In 2004, proposals were put forward to build on the dual filing regime and codify the most important Listing Rule obligations into subsidiary legislation. The SFC would then be responsible for enforcing those provisions while the Exchange would continue to receive listing applications and administer the listing process as the frontline regulator of listed companies.
To that end, the SFC published a consultation paper in January 2005 (the Consultation Paper on Proposed Amendments to the Securities and Futures (Stock Market Listing) Rules) proposing the statutory codification of the following 3 areas of issuers’ obligations under the Listing Rules:
- Disclosure of price-sensitive information;
- Publication of annual and interim financial reports
- Disclosure and shareholders’ approval requirements for Notifiable and Connected Transactions
Respondents to the consultation had concerns that importing the detailed requirements of the listing rules into Statute could reduce flexibility making it difficult for the rules to be amended expeditiously in response to market needs. There were also concerns that an unintentional breach of the detailed requirements could be subject to severe statutory sanctions. As a result, the Consultation Conclusions published in February 2007 put forward an alternative approach: the statutory listing requirements would comprise a set of general principles representing issuers’ fundamental obligations. These would be supplemented by ancillary provisions set out in a schedule to the SFC facilitating easier amendment of the requirements if and when necessary. Non-compliance with the new general principles was proposed to constitute “market misconduct’ under Parts XIII and XIV SFO and subject to one of three types of sanction in serious cases: SFC disciplinary action, civil proceedings before the Market Misconduct Tribunal or criminal prosecution.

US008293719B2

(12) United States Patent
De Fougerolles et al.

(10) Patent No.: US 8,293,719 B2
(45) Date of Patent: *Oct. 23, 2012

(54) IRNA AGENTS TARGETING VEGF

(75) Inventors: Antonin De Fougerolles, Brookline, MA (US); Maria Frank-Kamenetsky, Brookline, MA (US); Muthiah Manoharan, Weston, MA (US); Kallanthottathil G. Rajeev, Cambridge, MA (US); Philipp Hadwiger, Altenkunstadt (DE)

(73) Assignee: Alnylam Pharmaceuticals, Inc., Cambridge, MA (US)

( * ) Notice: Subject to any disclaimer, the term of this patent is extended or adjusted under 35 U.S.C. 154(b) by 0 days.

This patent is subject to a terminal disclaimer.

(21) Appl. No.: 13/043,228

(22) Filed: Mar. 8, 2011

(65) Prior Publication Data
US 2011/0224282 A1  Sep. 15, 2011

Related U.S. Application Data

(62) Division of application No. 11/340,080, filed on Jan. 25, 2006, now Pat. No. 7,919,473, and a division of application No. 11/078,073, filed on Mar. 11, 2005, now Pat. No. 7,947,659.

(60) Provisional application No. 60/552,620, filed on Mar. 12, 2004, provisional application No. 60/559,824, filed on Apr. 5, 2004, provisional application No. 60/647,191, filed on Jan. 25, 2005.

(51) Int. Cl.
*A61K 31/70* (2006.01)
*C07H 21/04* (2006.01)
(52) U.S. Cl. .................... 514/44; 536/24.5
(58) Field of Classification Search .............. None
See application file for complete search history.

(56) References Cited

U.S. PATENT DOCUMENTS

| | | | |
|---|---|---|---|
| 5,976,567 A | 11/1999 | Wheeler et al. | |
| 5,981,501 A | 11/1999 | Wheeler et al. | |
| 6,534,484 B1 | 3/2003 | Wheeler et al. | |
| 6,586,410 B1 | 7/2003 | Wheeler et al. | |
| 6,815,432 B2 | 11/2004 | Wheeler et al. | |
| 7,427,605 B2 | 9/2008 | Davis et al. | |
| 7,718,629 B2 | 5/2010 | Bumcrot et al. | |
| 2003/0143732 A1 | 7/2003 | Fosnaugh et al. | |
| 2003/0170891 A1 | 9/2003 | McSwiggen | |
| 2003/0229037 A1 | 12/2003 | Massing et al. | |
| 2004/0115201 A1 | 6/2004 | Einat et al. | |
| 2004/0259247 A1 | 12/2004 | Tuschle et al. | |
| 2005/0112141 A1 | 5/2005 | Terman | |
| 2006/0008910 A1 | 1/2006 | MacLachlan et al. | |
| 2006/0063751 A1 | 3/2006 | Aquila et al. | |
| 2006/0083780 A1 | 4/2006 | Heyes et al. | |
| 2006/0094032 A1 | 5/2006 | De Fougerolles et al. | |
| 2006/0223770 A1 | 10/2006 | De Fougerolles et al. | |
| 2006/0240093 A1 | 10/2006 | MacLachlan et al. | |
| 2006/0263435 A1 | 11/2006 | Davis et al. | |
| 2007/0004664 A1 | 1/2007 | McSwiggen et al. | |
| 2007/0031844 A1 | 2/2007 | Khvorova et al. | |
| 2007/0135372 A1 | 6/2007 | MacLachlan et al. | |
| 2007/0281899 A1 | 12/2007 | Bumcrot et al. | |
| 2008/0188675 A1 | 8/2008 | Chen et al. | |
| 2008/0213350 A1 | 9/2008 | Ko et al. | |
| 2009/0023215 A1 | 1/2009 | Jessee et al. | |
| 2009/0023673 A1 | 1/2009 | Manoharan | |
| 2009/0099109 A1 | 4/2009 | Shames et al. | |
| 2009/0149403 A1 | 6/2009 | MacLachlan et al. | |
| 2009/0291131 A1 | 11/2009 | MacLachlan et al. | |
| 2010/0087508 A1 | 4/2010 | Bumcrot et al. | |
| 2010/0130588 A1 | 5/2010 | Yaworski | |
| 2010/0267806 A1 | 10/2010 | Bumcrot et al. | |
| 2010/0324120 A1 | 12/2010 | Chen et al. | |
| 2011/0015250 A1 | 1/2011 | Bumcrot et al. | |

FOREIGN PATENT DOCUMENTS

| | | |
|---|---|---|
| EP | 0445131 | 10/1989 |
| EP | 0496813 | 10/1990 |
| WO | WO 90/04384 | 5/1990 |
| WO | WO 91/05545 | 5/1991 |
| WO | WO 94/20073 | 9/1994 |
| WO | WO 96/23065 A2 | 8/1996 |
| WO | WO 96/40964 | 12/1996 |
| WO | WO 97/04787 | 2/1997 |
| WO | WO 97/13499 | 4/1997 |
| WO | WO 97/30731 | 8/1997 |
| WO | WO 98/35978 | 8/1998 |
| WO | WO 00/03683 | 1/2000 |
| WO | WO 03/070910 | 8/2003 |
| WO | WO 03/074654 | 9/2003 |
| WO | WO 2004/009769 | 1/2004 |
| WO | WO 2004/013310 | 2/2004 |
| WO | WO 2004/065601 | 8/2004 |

In the event, the Consultation Conclusions were not implemented. Although the SFC claimed to have received widespread support for the proposals, there were certainly concerns with making the disclosure of PSI a statutory obligation. The perceived difficulty arises from the lack of certainty as to the definition of what constitutes PSI: what is PSI is a matter of professional judgment in the particular circumstances of any given case. Thus, of the 3 areas proposed for statutory codification, disclosure of PSI was probably the most problematic and controversial.